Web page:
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The Democratic Strategist

Political Strategy for a Permanent Democratic Majority

Democratic Leaders Huddle for 2014

When the only two Democratic Presidents to get re-elected since FDR huddle with fellow Democrats on 2014 campaign strategy, it’s a good idea for those who would rather not see a Republican takeover of congress to start paying attention. Begin with Marshall Cohen’s CBS News post “Obama, Bill Clinton huddle with Democrats to plot 2014 strategy,” which sets the stage for the meeting, which begins today at Nationals Park in Washington, D.C.
Cohen touches on some key concerns about the current political moment, including:

Democrats are in a precarious position right now: Mr. Obama’s approval ratings are sagging, and Democrats are fighting to hold onto the Senate. Some insiders have already given up on winning back the House.
Senate Democrats currently have a 55-45 majority, but they could lose that edge in November.
Top Republican targets include Sens. Mark Pryor of Arkansas, Mark Begich of Alaska, Mary Landrieu of Louisiana and Kay Hagan of North Carolina. Democratic retirements in West Virginia, South Dakota, Montana and Iowa haven’t made the map any friendlier for the party as it tries to cling on to control.
“Republicans have no equivalently vulnerable incumbents up in blue states,” CBS News elections director Anthony Salvanto recently wrote. “In fact, none of the Republican seats (up for re-election), except Maine, are in states carried by President Obama.”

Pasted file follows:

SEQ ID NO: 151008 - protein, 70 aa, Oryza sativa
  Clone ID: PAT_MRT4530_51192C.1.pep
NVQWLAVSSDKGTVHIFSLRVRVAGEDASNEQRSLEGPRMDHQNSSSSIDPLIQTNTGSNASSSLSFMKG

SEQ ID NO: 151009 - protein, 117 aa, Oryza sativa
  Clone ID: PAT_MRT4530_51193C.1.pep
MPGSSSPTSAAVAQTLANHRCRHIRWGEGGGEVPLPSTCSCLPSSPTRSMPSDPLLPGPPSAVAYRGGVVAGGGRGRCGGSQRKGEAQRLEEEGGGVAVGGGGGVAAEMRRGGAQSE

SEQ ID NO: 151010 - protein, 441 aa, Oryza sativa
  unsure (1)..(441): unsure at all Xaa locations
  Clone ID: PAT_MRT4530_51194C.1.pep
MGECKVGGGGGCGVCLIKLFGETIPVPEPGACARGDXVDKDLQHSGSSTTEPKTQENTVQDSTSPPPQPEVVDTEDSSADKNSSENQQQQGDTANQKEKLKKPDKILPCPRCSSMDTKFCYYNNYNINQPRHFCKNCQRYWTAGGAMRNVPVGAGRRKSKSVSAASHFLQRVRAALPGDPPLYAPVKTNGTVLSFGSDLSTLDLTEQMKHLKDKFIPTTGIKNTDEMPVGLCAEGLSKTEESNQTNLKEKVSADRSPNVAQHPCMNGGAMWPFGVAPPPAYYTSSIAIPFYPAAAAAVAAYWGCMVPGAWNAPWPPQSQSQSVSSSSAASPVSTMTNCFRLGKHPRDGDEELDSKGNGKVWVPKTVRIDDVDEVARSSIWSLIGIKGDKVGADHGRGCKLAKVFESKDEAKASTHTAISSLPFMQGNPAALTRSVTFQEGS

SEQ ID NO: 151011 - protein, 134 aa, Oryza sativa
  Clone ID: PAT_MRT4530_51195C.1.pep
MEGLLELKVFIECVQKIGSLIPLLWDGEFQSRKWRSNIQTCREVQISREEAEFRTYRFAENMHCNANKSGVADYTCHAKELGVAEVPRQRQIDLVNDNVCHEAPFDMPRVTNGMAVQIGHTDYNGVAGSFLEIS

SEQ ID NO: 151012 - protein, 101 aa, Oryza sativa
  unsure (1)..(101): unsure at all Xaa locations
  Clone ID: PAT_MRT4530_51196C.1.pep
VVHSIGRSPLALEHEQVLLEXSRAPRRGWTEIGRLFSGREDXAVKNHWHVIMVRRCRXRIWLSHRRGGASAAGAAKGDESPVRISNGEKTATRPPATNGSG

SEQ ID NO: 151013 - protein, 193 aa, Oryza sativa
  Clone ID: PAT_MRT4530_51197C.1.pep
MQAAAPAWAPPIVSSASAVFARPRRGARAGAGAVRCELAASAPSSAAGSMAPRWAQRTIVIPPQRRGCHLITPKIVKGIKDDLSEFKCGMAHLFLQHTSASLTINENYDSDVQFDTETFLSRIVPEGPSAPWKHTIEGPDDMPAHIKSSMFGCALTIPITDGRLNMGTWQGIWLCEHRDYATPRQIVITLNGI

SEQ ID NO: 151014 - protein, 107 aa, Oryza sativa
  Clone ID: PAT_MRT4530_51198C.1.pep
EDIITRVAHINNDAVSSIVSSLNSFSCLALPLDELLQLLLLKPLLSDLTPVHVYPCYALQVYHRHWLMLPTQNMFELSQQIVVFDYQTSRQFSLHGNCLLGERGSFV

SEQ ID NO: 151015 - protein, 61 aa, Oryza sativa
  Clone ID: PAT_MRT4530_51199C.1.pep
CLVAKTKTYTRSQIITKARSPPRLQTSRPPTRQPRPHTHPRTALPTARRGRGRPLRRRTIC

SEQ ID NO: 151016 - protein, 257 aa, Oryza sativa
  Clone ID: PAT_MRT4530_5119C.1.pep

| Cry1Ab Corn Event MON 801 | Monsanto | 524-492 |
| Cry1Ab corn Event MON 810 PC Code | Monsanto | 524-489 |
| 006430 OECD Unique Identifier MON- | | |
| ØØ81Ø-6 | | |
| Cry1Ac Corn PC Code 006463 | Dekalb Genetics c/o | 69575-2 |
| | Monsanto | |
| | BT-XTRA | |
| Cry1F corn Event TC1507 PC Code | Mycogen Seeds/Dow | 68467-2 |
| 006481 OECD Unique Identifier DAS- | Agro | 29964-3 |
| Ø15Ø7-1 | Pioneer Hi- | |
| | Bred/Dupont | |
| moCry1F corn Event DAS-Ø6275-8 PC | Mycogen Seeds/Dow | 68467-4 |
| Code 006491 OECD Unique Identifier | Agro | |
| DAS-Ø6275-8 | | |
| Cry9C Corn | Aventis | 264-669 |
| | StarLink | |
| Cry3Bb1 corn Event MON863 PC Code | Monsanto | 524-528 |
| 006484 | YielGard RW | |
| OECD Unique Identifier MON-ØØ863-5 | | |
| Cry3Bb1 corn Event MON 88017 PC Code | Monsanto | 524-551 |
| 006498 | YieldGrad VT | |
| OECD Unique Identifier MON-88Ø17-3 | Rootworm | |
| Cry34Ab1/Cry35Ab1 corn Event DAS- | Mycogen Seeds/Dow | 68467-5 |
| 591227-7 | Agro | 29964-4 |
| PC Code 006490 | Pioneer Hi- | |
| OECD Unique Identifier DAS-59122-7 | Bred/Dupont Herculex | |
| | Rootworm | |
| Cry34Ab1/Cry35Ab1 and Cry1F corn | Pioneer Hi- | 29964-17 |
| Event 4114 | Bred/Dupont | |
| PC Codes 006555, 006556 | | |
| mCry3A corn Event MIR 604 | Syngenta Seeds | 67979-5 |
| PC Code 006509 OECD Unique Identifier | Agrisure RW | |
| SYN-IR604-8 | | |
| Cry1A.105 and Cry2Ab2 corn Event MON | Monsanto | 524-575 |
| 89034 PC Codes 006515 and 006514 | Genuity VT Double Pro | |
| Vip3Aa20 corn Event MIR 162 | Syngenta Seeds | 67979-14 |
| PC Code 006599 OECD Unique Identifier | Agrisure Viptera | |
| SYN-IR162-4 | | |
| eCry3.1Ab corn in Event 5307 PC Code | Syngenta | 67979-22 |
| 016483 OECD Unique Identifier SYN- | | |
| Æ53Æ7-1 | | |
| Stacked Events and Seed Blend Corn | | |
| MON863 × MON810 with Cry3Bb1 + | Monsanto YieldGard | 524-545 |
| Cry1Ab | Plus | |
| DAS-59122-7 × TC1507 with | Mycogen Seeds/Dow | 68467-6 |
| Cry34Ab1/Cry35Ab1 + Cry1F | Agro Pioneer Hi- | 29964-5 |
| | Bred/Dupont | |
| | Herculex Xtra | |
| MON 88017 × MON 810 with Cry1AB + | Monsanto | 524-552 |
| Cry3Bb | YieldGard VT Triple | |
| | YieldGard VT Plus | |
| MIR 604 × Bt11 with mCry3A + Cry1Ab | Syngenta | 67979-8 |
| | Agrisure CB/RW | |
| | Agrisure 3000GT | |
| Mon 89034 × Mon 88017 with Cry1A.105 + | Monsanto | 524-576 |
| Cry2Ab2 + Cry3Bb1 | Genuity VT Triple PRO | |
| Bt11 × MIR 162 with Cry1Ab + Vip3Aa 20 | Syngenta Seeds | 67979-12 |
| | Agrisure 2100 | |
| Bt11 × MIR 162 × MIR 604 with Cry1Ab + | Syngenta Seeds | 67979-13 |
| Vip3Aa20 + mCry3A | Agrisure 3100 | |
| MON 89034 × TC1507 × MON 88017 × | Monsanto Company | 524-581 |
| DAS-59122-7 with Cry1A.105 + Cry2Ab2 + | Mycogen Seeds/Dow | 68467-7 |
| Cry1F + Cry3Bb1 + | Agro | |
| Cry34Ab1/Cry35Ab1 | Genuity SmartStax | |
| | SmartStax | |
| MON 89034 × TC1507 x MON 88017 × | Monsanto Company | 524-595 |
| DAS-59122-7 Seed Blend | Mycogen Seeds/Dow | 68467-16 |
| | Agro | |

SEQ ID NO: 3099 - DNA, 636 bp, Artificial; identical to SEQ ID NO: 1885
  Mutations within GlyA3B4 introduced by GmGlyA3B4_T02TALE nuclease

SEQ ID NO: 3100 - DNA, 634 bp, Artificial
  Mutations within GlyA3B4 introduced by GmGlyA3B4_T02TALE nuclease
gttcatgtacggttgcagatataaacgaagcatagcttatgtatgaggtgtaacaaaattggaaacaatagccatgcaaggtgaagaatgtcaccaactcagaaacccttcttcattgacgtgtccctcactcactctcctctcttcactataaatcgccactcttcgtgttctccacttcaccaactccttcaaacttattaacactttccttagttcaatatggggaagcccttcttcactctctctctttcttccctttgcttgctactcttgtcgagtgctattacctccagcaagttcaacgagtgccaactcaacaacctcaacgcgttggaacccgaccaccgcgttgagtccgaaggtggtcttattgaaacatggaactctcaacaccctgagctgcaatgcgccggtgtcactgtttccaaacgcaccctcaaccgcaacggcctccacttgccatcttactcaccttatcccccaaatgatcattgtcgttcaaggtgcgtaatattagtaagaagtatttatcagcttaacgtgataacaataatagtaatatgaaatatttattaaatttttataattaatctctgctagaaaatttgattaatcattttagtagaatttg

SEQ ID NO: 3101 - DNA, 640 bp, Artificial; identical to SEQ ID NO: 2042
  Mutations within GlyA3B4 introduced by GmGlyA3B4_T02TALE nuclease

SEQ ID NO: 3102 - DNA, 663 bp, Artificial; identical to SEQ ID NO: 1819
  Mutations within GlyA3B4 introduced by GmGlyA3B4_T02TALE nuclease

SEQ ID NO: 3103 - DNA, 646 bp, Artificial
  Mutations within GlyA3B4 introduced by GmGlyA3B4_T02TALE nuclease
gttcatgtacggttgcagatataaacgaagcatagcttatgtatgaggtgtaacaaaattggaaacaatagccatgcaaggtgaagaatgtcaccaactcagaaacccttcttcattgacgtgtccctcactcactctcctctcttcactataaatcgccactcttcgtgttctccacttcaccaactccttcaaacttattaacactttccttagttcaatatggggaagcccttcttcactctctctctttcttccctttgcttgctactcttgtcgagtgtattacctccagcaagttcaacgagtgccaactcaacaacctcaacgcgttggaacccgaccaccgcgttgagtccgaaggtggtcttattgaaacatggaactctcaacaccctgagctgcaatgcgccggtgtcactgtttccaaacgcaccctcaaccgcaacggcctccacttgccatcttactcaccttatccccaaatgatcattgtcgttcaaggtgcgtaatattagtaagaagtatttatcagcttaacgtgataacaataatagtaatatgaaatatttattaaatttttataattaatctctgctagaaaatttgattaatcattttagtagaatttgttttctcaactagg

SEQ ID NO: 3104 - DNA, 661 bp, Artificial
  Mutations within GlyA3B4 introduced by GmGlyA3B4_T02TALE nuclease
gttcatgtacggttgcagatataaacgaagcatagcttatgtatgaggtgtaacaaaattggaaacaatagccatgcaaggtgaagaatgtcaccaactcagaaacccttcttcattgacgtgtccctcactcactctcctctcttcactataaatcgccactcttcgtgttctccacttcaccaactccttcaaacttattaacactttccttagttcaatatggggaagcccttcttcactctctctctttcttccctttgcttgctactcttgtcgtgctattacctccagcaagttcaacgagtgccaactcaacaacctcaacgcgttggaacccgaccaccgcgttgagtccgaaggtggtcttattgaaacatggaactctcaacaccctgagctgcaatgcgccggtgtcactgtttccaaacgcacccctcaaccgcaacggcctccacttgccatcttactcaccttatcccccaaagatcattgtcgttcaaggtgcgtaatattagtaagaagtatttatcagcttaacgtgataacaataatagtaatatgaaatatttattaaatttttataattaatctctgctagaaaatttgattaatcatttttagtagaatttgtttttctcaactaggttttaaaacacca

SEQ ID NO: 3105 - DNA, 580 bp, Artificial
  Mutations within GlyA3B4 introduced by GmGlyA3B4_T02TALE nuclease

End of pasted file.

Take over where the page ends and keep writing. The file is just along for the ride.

Holding the Senate, let alone cutting into the Republicans’ House majority, is a daunting challenge. Cohen’s emphasis on the negative political fallout of the Affordable Care Act seems a little overstated, since there are some very encouraging trends which could offset GOP messaging on the issue (see here, here and here, for example). On the other hand, he doesn’t discuss what may be the GOP’s biggest asset, the Koch brothers early money-bombing, which is well underway and has been cited in turning polls against Dem incumbents like Sen. Kay Hagan.
But Cohen does note what will likely be the Democrats’ strongest messaging point: “Meanwhile, top Democrats hope their new message of income inequality will strike a chord with voters this election cycle.” But Jackie Calmes has noted in the New York Times:

To Republicans, talk of income inequality smacks of class warfare and redistribution of wealth, of taxing the rich to give to the poor. They prefer to emphasize opportunity and upward mobility, and Democrats, too, have come to see that frame as more appealing to middle-class voters in this midterm election year.

Opportunity and upward mobility for the middle class is a solid aspirational theme for Democrats. But it shouldn’t distract Dems from the compelling need to call out the Republicans, loud and clear, for their all-out assault on the economic well-being of the middle class. Indeed, runaway economic inequality has become so grotesque that Democrats must make it a central theme of campaign 2014 until a critical mass of swing voters get it that today’s Republicans are united around one key goal — screwing working people to enrich the wealthy even more.

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